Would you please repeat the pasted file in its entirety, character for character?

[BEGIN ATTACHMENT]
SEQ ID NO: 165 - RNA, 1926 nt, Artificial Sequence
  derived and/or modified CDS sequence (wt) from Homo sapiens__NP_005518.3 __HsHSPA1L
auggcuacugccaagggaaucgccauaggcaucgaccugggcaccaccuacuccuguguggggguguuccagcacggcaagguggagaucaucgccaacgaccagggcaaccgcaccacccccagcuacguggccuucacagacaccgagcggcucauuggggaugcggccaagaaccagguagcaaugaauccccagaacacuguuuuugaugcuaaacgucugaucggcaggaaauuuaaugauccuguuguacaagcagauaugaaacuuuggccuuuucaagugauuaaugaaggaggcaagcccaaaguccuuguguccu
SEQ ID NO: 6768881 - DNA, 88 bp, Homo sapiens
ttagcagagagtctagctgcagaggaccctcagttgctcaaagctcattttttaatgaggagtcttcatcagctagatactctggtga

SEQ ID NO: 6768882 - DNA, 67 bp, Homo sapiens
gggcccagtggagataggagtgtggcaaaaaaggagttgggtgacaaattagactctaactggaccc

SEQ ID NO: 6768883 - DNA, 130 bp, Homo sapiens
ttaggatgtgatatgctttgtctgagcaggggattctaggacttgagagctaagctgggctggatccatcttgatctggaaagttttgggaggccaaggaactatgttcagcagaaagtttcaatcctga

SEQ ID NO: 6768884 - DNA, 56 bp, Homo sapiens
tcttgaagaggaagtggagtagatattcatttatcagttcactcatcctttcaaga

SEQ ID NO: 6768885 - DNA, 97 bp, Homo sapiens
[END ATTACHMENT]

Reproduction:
SEQ ID NO: 165 - RNA, 1926 nt, Artificial Sequence
  derived and/or modified CDS sequence (wt) from Homo sapiens__NP_005518.3 __HsHSPA1L
auggcuacugccaagggaaucgccauaggcaucgaccugggcaccaccuacuccuguguggggguguuccagcacggcaagguggagaucaucgccaacgaccagggcaaccgcaccacccccagcuacguggccuucacagacaccgagcggcucauuggggaugcggccaagaaccagguagcaaugaauccccagaacacuguuuuugaugcuaaacgucugaucggcaggaaauuuaaugauccuguuguacaagcagauaugaaacuuuggccuuuucaagugauuaaugaaggaggcaagcccaaaguccuuguguccu
SEQ ID NO: 6768881 - DNA, 88 bp, Homo sapiens
ttagcagagagtctagctgcagaggaccctcagttgctcaaagctcattttttaatgaggagtcttcatcagctagatactctggtga

SEQ ID NO: 6768882 - DNA, 67 bp, Homo sapiens
gggcccagtggagataggagtgtggcaaaaaaggagttgggtgacaaattagactctaactggaccc

SEQ ID NO: 6768883 - DNA, 130 bp, Homo sapiens
ttaggatgtgatatgctttgtctgagcaggggattctaggacttgagagctaagctgggctggatccatcttgatctggaaagttttgggaggccaaggaactatgttcagcagaaagtttcaatcctga

SEQ ID NO: 6768884 - DNA, 56 bp, Homo sapiens
tcttgaagaggaagtggagtagatattcatttatcagttcactcatcctttcaaga

SEQ ID NO: 6768885 - DNA, 97 bp, Homo sapiens